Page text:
Oxford University Students Vote To Ban Red Meat To Fight Climate Crisis
Oxford University's Bodleian Library A slew of university's ditched beef last year to help fight against climate change - Media Credit: Adobe

Oxford University Students Vote In Favor Of Banning Red Meat To Fight Climate Crisis

The motion is part of the University's sustainability drive to slash its carbon emissions by 50 percent by 2030

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2 Minutes Read

Oxford University’s student union has voted in favor of banning beef and lamb to fight climate change. 

The motion, written by Vihan Jain, Daniel Grimmer, and Agatha Edevane, passed with 31 votes for and nine against. 13 abstained from voting.

It does not affect college butteries, who reportedly have their own food policies. But it does include university-catered events and outlets. 

The motion is part of the University’s sustainability drive to slash its carbon emissions by 50 percent by 2030.

‘A lack of leadership’

“As the U.K’s premier university, the nation looks to Oxford for leadership. But Oxford has shown a lack of leadership in addressing climate change,” the motion states.

“The banning of beef and lamb at university-catered events and outlets is a feasible and effective strategy to help the university meet its revised 2030 goal.

“A change at the university level will open the gates for similar change at the college level.”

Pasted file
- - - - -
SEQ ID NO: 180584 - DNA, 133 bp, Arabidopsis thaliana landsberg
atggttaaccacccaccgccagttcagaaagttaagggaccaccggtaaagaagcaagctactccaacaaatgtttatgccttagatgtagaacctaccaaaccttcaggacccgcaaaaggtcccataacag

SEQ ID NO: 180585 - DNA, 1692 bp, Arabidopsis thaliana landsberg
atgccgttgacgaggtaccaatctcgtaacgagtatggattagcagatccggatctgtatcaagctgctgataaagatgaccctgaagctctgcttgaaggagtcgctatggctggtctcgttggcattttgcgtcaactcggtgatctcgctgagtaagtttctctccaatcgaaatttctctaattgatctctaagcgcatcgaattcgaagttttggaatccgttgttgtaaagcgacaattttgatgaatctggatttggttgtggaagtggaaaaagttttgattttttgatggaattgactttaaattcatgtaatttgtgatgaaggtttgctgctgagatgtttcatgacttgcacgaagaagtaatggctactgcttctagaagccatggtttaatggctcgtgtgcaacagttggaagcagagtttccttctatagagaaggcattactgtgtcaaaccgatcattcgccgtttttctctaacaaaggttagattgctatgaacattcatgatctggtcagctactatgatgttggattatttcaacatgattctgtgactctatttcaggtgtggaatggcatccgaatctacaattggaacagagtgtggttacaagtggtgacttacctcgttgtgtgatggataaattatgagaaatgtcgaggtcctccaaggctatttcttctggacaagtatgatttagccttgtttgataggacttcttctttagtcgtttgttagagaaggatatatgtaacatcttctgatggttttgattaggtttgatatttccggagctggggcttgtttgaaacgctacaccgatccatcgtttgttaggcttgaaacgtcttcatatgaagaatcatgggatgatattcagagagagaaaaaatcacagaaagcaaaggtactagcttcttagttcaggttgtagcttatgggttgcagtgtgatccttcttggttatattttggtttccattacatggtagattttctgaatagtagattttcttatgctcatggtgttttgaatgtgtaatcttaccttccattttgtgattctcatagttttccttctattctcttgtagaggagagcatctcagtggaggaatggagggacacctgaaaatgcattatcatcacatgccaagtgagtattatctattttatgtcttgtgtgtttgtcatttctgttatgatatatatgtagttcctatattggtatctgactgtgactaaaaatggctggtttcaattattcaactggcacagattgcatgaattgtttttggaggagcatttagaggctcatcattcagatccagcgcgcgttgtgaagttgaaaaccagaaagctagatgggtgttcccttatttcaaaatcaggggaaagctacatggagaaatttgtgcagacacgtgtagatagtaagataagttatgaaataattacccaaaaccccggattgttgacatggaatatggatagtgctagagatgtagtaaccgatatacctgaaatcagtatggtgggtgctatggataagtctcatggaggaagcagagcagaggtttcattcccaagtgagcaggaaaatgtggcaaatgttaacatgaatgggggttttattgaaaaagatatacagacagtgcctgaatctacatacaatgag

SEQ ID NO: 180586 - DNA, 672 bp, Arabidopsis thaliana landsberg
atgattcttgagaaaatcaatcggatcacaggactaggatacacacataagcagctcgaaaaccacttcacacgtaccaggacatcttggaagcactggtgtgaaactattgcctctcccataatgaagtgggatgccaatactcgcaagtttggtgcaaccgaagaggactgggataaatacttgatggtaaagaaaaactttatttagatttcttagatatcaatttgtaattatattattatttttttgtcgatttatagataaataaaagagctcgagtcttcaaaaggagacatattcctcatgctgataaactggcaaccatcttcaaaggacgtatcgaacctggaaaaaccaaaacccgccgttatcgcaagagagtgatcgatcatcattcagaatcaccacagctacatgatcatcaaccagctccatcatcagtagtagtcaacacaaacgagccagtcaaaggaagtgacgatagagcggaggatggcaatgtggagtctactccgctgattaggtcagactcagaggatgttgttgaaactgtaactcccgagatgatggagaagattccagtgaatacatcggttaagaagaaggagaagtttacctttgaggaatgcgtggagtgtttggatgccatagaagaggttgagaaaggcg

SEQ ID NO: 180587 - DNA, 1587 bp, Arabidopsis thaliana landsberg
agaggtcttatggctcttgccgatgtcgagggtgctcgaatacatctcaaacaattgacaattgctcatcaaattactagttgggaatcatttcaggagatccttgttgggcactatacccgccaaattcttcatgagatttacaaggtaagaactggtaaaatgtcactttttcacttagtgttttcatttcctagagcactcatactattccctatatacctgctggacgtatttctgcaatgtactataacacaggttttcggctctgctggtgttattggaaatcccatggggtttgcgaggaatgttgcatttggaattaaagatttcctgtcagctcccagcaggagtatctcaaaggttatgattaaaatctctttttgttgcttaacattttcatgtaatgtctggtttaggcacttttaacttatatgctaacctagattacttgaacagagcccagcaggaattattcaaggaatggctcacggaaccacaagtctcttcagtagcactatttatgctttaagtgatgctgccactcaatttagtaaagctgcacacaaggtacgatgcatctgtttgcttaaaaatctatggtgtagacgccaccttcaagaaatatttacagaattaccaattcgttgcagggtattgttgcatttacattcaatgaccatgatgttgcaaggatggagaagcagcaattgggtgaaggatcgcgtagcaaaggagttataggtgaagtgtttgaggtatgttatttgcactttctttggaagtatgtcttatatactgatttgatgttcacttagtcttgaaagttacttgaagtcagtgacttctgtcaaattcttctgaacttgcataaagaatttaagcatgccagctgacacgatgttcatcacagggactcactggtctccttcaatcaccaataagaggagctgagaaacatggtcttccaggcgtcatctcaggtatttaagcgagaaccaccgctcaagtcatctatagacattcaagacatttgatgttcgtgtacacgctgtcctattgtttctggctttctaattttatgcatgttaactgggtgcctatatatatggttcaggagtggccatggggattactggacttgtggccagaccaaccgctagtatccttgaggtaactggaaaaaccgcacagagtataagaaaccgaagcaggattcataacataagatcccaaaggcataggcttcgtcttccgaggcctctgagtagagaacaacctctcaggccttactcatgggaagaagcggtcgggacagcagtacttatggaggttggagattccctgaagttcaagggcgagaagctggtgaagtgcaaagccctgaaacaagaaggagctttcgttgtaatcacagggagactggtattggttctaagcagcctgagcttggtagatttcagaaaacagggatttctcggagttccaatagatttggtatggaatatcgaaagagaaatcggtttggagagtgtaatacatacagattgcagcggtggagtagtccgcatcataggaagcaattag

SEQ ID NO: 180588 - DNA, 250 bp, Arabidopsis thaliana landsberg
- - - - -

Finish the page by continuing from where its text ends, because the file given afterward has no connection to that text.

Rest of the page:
Speaking to Cherwell, Oxford SU Vice President of Charities and Communities Ben Farmer said: “I welcome the mandate to engage the University on this important issue. 

“However, it is important to recognize that food-based changes may not be possible for every student or staff member at the University.

“Food-based changes are just one part of changes we’d like to see the University make to tackle the Climate Crisis.”

Red meat ban

Last year, the University of Cambridge slashed its food-related emissions by ditching red meat.

The rival establishment replaced beef and lamb with plant-based products.

This lead to a 33 percent reduction in carbon emissions per kilogram of food purchased. It also saw a 28 percent reduction in land use per kilogram of food purchased.

“Sustainability is extremely important to our students and staff and we wanted to ensure that we were not only responding to their needs, but pushing what was considered possible in a catering environment,” said Nick White, Head of the University Catering Service.

“This has involved making sacrifices, but is has been absolutely the right thing to do. It’s about making the right choice easy.”

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The Author

Liam Gilliver

Liam is the former Deputy Editor of Plant Based News. He has written for The Independent, Huffington Post, Attitude Magazine, and more. He is also the author of 'We're Worried About Him'.

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